Children who underachieve at school may just have poor working memory rather than low intelligence, according to researchers who have produced the world’s first tool to assess memory capacity in the classroom. Researchers from Durham University’s School of Education, who surveyed over three thousand children, found that ten percent of schoolchildren across all age ranges suffer from poor working memory seriously affecting their learning.
The researchers also found that poor working memory is rarely identified by teachers, who often describe children with this problem as inattentive or as having lower levels of intelligence. Without appropriate intervention, poor working memory in children can affect long-term academic success into adulthood and prevent children from achieving their potential.
Lead researcher Dr. Tracy Alloway who, with colleagues, has published widely on the subject, explains: “Working memory is a bit like a mental jotting pad and how good this is in someone will either ease their path to learning or seriously prevent them from learning.”
– Poor working memory affects attention
A student’s ability to pay attention during class and schoolwork requires them to process and retain information via working memory.
One of the most consistent findings in research studies is that students with ADHD have a poor working memory, particularly when they have to remember visual information, such as graphs or images. Students with ADHD are four times more likely to have working memory problems compared to peers without attention problems, says Dr. Tracy Alloway.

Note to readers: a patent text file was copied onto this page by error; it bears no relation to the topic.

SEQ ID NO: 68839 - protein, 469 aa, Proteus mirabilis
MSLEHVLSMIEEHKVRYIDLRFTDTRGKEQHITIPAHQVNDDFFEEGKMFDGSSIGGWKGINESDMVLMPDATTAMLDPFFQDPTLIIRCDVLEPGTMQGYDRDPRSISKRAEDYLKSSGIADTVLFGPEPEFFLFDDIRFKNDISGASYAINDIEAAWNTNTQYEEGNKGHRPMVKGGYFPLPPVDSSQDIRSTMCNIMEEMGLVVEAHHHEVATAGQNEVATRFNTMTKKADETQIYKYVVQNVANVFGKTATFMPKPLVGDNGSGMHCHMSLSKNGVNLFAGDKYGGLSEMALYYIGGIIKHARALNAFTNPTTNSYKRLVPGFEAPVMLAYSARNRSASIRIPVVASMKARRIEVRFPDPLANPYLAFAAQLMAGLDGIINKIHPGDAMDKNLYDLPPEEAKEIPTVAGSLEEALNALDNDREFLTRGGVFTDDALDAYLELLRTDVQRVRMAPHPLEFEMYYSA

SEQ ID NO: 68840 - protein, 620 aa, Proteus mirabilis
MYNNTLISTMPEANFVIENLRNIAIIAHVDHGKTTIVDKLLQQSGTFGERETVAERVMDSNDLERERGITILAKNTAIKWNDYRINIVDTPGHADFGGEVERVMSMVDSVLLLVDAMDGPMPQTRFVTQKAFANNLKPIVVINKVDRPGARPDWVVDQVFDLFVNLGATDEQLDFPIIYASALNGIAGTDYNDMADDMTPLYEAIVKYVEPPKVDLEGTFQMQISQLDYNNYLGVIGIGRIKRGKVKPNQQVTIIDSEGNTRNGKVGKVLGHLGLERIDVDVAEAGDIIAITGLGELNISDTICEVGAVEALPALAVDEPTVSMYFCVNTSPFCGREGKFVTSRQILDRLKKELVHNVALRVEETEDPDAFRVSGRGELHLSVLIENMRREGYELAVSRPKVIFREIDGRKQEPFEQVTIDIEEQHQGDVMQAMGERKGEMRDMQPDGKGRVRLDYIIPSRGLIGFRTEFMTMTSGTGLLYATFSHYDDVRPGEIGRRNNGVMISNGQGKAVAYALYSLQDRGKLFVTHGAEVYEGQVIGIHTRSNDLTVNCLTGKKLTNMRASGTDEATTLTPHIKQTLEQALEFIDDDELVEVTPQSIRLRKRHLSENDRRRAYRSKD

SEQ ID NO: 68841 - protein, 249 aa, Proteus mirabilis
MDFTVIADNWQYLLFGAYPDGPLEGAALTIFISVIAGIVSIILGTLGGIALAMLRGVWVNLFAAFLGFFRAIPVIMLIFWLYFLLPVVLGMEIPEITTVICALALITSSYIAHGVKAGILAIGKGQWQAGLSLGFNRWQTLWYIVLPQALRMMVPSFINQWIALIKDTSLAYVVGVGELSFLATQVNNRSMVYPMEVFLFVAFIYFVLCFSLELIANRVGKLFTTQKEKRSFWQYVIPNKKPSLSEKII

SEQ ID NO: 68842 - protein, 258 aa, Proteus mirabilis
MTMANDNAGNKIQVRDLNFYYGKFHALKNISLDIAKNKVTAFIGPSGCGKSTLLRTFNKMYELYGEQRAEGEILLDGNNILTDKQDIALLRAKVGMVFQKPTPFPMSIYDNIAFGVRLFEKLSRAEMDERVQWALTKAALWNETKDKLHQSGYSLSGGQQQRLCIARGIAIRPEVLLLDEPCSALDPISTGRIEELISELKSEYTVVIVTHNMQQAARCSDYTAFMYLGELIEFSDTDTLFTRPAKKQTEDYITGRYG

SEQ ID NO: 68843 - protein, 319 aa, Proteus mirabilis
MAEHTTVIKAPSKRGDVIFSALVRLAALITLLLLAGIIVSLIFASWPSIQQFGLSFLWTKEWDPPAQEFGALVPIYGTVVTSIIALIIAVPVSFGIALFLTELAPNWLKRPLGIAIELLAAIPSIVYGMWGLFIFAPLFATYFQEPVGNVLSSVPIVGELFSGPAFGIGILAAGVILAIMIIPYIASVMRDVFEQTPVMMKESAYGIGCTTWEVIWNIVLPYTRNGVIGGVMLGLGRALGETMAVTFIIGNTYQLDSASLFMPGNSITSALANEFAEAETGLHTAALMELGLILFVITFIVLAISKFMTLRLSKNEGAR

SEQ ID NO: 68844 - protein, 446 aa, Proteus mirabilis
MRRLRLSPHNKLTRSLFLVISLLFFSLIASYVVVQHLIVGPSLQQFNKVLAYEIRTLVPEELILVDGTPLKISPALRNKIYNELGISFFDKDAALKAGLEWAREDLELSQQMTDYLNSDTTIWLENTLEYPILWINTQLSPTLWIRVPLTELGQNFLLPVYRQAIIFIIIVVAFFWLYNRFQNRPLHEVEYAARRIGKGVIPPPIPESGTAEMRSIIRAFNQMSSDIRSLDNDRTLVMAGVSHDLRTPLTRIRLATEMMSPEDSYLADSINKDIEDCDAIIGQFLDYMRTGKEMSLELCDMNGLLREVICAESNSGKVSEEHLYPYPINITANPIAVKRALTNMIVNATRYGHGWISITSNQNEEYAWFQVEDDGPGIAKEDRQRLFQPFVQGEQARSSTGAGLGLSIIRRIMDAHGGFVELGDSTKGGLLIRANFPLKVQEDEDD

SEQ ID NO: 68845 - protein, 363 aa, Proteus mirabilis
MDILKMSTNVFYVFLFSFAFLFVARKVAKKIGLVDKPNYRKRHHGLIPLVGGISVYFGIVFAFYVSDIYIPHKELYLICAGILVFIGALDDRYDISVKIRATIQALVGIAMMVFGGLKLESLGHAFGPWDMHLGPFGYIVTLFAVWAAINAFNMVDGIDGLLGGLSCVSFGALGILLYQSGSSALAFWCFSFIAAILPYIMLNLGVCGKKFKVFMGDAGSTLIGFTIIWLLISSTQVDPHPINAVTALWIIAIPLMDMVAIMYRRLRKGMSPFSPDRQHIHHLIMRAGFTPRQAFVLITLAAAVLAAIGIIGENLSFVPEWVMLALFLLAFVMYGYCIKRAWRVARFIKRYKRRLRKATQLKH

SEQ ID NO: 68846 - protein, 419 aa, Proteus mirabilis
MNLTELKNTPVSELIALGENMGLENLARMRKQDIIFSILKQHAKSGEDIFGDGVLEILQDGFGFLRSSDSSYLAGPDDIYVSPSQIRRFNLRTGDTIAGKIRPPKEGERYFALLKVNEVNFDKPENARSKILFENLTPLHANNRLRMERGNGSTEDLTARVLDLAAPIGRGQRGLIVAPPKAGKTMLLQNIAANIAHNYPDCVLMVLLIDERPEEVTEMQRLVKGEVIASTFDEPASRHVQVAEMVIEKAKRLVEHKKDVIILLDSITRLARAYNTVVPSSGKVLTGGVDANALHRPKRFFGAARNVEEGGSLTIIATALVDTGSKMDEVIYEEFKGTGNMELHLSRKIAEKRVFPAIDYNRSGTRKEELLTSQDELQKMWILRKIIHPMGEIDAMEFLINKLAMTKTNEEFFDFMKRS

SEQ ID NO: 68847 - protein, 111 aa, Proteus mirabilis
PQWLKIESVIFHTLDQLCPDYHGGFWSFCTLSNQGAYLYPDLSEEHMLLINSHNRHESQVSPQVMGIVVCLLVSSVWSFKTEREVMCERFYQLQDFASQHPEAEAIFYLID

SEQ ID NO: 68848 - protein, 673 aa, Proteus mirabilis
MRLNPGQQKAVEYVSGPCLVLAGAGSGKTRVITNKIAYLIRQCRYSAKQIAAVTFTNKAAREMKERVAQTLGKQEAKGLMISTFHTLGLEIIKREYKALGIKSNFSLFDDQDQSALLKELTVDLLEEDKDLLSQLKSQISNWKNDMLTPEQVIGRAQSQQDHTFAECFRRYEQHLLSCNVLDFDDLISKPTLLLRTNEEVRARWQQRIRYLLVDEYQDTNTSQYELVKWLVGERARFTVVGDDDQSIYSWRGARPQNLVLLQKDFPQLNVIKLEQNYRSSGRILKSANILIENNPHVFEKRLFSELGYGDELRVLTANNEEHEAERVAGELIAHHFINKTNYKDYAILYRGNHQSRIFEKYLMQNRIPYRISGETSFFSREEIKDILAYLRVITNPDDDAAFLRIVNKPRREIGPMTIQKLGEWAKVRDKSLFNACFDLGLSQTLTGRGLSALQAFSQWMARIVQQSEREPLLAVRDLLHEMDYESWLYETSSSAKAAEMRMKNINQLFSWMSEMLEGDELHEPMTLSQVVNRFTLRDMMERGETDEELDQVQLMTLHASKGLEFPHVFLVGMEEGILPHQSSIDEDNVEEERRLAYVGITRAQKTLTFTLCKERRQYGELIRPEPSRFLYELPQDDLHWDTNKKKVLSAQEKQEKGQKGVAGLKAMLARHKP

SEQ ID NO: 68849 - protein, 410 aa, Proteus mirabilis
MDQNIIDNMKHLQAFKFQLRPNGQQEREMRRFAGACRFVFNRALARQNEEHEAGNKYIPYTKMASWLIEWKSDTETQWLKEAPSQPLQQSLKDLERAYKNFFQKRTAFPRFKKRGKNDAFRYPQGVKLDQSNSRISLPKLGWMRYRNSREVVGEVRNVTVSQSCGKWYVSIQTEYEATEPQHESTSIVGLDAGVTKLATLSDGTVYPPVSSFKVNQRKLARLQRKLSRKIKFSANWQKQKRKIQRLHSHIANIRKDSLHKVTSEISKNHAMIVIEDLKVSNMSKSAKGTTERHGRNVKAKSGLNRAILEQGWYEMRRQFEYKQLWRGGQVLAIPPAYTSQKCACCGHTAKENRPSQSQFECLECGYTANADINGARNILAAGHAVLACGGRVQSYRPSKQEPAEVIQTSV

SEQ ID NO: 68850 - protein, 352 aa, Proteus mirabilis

On the positive side students with strong working memory are likely to do well-maintaining focus and attention in a variety of academic settings. Because they’re capable of processing and remembering instructions and task goals, they can more readily be left to work independently.
– Poor working memory affects reading comprehension
An important and consistent finding is that working memory problems interfere with reading comprehension. Reading is a complex skill that requires the simultaneous activation of many different brain processes. When reading a word, the reader must recognize the visual configuration of letters as well as the letter order, and he must engage in segmentation (breaking the word into individual sounds). Then, while being held in working memory, the phonemes (letter sounds) must be synthesized and blended to form recognizable words.
To comprehend sentences, several more skills are necessary. The reader must not only decode the words, but also comprehend the syntax, retain the sequence of words, use contextual cues, and integrate this with existing knowledge. This must be done simultaneously in order for sentences to be understood. At the same time, sentences must be held in working memory and integrated with one another. Each sentence is read, understood, associated and integrated with the previous one and so forth. Eventually, the entire paragraph is read and the reader continues to the next one. By the end of the chapter both the details and main idea need to be retained in working memory, otherwise, the reader may have retained isolated facts but may not know the sequence of events nor understand the main idea.
– Working memory matters for math